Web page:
An "engaging and provocative" exploration of American history's heroic figures—from how we define a hero to the monuments we build to honor them (Arthur Schlesinger Jr.). Heroic ideals are fundamental to the enterprise of American liberty and to the fabric of our nation's culture. Throughout history, men and women such as George Washington, Thomas Edison, Martin Luther King Jr., and Lucretia Mott have brought together our society of dreamers and achievers. In A Call to Heroism, Harvard research associate Peter H. Gibbon surveys the lives, struggles, and accomplishments of these and other great individuals. It also considers the meaning of seven monuments and artworks dedicated to heroes, examining what these memorials say about the America of their time—and what they mean for us today. The result forges an enlightening understanding of what it means to be a hero. With a foreword by Peter J. Gomes "Fascinating and inspiring . . . Gibbon's book emphasizes the importance of guiding young people to more realistic definitions of hero." —The Christian Science Monitor "A concise history of the hero in America and a realistic formula for determining who deserves the accolade." —The Tampa Tribune "This book is a delightful Grand Tour, taking us from war to sports to great literature. You will enjoy it." —Jay Mathews, The Washington Post "Lively fare for classrooms and board rooms throughout the country." —Arthur Schlesinger Jr.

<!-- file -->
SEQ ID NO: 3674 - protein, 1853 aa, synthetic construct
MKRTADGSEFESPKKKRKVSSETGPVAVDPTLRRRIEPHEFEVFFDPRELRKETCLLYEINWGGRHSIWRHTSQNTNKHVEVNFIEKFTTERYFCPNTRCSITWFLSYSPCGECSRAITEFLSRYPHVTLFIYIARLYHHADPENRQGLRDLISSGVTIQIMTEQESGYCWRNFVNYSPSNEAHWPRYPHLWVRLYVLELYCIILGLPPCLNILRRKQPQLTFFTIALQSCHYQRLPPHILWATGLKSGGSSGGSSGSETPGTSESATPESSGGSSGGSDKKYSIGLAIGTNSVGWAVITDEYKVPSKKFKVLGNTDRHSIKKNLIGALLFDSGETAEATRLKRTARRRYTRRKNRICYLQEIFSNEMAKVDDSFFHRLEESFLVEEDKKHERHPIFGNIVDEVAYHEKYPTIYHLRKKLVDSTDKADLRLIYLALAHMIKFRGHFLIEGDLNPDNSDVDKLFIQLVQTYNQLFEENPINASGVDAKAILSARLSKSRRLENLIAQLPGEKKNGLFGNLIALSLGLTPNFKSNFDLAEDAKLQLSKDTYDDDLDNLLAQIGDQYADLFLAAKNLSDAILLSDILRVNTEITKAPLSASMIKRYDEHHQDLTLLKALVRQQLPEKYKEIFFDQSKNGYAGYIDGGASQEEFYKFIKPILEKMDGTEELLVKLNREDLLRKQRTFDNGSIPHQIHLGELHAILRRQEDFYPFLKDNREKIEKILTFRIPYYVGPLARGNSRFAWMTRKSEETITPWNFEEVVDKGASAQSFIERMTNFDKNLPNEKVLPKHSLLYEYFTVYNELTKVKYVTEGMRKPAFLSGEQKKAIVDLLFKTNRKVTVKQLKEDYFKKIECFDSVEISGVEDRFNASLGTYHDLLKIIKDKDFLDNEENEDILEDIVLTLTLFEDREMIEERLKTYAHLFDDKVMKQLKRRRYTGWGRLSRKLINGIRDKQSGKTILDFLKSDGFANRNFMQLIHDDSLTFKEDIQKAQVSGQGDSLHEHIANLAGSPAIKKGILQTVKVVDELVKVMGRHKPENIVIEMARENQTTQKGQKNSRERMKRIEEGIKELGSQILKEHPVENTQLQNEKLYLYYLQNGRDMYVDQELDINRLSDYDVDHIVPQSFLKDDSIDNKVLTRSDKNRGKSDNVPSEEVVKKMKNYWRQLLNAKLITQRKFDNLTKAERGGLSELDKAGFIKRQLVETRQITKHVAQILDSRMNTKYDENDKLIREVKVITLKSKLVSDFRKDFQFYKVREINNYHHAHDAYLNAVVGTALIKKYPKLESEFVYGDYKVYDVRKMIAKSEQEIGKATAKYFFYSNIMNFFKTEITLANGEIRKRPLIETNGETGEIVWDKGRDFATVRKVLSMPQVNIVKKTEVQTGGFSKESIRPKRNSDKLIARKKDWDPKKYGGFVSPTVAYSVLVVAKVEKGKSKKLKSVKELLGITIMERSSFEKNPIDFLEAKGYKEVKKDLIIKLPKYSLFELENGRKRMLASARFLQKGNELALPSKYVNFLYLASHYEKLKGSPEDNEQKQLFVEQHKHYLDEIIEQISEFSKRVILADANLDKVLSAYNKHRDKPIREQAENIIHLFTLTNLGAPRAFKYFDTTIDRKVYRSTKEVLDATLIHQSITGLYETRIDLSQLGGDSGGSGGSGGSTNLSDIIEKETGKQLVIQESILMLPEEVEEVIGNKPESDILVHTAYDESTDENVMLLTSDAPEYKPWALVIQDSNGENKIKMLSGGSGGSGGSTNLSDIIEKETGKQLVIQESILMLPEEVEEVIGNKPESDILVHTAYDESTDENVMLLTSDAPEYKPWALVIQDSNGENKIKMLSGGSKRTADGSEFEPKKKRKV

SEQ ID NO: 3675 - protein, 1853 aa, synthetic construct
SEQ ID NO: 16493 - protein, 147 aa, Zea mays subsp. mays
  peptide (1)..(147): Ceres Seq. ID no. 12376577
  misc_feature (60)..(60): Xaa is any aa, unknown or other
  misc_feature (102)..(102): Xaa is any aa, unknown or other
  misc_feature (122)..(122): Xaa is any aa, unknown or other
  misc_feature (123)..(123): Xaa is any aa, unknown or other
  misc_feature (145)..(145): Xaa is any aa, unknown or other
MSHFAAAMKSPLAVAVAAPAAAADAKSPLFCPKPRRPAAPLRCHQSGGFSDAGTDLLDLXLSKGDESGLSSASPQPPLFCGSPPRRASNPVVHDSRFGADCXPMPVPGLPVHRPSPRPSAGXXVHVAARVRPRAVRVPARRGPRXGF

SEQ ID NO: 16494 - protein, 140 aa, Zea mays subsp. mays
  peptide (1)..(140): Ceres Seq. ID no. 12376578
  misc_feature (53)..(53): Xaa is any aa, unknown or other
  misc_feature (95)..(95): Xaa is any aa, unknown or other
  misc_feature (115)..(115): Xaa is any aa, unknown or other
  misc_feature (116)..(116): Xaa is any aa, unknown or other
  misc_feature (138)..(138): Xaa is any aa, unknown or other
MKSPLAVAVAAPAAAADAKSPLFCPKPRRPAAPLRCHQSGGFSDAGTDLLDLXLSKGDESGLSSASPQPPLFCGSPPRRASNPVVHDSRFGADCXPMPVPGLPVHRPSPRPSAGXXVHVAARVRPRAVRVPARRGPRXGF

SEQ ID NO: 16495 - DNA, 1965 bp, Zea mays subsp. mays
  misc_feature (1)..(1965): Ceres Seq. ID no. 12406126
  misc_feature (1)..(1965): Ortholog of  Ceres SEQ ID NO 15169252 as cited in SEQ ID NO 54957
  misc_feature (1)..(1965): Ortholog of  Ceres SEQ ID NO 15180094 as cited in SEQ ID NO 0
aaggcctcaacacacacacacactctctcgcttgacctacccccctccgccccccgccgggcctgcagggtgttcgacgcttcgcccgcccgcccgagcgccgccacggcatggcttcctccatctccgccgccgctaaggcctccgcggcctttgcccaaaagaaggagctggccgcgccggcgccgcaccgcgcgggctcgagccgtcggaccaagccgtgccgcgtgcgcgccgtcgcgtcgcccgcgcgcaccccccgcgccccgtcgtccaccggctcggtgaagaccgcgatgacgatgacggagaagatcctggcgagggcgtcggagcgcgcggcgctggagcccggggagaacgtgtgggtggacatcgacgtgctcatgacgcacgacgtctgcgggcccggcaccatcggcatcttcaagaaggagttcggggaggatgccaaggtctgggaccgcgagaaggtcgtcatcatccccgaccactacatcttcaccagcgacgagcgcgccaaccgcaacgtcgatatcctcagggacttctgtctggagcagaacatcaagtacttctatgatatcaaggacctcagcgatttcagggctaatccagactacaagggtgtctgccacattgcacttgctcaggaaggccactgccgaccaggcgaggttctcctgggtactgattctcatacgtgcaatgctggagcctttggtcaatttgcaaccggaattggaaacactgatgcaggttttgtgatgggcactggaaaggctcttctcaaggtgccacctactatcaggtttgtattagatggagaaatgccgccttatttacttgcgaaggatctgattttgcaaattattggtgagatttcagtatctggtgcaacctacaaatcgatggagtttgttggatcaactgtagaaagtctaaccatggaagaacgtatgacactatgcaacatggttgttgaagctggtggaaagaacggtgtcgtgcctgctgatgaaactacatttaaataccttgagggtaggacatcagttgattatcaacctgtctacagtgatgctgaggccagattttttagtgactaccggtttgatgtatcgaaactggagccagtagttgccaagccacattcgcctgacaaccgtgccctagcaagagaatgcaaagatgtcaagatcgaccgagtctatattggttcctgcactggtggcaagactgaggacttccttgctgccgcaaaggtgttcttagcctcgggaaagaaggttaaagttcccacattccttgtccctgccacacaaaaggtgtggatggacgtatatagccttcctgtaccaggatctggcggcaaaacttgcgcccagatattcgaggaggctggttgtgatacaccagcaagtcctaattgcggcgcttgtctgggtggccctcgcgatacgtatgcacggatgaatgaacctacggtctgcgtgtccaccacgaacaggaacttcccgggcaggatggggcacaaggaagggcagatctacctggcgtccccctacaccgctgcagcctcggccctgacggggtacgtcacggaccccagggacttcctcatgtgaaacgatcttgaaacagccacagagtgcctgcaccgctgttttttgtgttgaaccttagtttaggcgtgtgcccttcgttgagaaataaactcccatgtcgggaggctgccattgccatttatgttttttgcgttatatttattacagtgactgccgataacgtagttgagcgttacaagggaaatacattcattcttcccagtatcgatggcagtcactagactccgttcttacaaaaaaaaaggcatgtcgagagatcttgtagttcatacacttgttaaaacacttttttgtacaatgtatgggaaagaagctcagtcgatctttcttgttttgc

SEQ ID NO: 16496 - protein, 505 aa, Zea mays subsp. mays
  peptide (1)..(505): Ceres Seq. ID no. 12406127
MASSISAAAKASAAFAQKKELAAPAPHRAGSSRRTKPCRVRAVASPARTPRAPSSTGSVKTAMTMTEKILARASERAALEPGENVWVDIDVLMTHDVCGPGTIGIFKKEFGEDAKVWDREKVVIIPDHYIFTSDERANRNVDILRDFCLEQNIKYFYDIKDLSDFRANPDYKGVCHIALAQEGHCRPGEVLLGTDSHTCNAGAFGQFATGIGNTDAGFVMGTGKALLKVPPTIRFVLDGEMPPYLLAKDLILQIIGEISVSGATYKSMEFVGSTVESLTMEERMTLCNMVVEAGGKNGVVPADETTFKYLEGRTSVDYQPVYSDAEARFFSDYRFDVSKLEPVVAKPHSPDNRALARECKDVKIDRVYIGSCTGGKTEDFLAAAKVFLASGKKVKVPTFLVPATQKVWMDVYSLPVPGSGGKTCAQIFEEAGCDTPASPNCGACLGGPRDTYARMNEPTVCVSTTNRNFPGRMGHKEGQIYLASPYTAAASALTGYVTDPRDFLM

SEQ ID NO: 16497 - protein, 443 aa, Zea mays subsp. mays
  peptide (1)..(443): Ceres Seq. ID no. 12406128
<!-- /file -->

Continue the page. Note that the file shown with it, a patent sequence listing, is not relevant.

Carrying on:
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by Peter J. Gomes
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